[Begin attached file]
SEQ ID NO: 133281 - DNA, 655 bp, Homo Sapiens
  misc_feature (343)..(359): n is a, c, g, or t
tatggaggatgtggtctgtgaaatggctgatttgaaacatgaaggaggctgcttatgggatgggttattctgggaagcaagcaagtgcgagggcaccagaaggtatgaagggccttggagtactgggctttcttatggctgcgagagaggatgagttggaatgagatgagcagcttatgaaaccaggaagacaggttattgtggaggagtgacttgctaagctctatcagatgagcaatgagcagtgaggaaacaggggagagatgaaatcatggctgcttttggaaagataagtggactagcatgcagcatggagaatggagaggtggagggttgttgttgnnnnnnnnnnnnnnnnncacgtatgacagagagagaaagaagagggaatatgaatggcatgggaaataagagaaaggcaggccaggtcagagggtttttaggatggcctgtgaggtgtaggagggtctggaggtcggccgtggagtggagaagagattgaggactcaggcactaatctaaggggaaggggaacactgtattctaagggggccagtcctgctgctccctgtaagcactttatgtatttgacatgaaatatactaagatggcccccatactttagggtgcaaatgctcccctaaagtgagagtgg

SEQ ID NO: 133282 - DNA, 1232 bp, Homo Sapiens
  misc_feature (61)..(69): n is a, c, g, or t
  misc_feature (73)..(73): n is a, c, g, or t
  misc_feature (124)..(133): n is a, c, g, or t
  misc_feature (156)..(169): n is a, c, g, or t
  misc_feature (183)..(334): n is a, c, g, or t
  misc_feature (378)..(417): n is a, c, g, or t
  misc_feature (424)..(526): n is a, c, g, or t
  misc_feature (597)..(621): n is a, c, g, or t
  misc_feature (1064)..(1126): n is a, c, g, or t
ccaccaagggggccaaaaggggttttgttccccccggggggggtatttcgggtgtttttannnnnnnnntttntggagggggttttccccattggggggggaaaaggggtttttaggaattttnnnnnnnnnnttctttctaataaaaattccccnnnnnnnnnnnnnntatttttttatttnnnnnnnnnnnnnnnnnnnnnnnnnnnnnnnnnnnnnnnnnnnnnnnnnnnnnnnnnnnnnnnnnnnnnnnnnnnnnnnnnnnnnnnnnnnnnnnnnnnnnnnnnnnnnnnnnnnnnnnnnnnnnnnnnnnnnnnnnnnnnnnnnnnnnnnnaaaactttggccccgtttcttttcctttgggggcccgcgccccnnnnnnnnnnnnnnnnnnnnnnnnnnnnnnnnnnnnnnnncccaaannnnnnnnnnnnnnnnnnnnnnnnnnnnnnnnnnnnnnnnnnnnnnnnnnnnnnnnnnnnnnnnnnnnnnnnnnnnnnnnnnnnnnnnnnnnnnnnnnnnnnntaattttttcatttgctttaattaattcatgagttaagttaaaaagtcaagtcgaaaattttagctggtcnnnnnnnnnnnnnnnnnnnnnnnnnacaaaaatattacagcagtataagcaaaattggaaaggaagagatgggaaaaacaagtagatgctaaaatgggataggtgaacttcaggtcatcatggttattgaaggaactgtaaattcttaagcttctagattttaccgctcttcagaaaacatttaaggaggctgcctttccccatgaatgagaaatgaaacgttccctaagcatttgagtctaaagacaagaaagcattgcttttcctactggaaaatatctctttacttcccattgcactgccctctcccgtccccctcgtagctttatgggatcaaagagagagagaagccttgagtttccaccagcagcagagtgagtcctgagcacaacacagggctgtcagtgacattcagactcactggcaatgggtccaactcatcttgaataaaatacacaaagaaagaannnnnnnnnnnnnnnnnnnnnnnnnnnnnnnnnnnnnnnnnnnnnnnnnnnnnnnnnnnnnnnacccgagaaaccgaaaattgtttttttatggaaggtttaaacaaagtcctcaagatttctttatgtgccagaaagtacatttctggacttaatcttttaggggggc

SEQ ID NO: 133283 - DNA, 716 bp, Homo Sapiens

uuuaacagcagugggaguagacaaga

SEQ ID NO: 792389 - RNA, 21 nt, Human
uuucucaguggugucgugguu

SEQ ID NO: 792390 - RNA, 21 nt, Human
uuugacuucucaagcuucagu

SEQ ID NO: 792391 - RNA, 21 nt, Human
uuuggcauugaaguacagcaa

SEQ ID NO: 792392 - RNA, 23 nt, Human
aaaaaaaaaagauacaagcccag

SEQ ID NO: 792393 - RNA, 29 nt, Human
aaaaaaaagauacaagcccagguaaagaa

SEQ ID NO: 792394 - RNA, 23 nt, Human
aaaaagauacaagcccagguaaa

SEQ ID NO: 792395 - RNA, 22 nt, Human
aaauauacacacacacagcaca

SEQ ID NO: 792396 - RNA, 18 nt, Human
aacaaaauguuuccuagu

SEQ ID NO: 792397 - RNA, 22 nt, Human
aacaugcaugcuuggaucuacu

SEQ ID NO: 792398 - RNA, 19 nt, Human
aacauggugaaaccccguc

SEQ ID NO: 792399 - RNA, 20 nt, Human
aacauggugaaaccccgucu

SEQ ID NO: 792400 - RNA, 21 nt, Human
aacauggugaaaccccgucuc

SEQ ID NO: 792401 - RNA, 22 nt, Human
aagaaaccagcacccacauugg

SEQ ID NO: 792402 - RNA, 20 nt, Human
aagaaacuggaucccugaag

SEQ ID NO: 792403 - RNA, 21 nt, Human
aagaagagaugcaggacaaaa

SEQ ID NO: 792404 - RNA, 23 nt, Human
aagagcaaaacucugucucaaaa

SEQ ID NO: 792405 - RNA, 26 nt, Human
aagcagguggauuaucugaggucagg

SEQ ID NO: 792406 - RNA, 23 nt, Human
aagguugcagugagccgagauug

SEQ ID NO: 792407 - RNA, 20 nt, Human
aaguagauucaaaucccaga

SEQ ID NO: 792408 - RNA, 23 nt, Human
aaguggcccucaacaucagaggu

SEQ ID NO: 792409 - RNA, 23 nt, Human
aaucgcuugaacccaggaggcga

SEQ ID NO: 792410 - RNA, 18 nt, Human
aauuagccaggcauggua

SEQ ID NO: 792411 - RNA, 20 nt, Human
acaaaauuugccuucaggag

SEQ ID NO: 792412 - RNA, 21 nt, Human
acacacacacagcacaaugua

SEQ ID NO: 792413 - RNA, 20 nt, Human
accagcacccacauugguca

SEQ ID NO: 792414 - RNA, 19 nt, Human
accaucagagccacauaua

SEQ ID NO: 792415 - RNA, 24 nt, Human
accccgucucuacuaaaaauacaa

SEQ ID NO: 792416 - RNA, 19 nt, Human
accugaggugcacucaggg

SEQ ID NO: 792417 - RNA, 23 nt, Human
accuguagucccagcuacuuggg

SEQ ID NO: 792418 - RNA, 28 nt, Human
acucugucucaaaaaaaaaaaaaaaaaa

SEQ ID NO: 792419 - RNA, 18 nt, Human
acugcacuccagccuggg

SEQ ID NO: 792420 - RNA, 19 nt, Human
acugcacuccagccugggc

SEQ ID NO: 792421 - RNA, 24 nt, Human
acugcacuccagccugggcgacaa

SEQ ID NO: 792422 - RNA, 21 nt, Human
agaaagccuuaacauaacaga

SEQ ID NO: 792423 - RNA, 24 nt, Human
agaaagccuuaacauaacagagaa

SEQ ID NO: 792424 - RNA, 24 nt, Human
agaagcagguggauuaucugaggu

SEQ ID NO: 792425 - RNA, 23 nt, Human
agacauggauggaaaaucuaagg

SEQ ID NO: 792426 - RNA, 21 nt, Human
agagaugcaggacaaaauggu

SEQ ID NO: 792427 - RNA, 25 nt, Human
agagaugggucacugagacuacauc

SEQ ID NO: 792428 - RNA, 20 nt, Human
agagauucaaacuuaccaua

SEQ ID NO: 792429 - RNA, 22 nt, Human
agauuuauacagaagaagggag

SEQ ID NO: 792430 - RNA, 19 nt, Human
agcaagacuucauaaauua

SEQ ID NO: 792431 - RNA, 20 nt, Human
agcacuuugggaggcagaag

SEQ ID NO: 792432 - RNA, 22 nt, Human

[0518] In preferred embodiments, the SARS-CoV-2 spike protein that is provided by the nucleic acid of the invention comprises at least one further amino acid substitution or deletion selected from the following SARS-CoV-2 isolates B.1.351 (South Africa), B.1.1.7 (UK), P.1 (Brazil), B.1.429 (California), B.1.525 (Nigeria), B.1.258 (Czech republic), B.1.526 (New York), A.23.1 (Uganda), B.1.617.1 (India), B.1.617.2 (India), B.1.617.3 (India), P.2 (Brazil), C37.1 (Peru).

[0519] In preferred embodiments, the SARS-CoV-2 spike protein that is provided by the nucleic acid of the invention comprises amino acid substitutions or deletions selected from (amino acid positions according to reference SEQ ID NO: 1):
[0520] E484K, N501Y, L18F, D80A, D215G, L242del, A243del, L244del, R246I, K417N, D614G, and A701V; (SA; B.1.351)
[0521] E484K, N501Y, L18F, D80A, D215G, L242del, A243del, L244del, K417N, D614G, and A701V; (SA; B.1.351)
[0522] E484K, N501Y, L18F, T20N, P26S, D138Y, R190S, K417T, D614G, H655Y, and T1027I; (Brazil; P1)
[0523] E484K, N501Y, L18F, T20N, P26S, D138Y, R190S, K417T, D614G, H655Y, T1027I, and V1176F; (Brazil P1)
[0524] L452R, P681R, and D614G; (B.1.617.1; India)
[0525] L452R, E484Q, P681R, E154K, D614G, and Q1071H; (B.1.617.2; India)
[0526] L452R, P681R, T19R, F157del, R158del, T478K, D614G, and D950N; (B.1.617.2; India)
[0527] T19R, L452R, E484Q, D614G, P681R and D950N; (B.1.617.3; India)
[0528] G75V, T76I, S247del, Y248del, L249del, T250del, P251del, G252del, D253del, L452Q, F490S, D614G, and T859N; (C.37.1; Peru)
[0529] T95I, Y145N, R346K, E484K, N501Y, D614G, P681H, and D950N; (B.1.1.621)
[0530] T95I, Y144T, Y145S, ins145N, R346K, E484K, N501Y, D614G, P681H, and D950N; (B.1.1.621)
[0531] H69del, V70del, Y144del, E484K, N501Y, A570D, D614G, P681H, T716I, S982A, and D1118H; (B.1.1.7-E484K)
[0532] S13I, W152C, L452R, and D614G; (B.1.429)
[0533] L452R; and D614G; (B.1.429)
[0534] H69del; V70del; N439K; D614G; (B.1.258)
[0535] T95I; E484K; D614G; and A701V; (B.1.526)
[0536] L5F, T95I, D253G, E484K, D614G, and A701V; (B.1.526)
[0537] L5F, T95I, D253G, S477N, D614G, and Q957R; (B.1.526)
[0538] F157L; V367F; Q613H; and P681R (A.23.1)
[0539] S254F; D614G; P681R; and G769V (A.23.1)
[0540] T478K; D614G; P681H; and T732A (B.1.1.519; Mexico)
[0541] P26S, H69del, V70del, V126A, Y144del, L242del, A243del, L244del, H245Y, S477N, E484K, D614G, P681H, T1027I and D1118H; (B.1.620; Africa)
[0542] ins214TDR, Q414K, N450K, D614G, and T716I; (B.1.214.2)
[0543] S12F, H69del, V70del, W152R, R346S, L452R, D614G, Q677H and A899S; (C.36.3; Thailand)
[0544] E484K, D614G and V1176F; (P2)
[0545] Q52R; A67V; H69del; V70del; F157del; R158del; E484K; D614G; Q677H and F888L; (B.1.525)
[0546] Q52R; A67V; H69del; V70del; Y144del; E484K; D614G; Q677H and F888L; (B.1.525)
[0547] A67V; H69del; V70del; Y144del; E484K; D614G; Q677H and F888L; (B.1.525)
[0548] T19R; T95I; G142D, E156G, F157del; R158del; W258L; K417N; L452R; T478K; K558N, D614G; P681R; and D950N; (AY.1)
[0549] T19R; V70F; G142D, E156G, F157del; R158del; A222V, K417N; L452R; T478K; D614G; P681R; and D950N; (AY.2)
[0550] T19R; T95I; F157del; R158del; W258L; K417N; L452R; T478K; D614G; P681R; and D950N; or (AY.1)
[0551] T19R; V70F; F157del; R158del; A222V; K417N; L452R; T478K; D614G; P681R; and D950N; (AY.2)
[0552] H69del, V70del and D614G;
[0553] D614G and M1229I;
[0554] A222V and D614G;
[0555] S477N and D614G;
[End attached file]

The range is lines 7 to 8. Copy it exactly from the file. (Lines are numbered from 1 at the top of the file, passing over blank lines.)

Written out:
  misc_feature (124)..(133): n is a, c, g, or t
  misc_feature (156)..(169): n is a, c, g, or t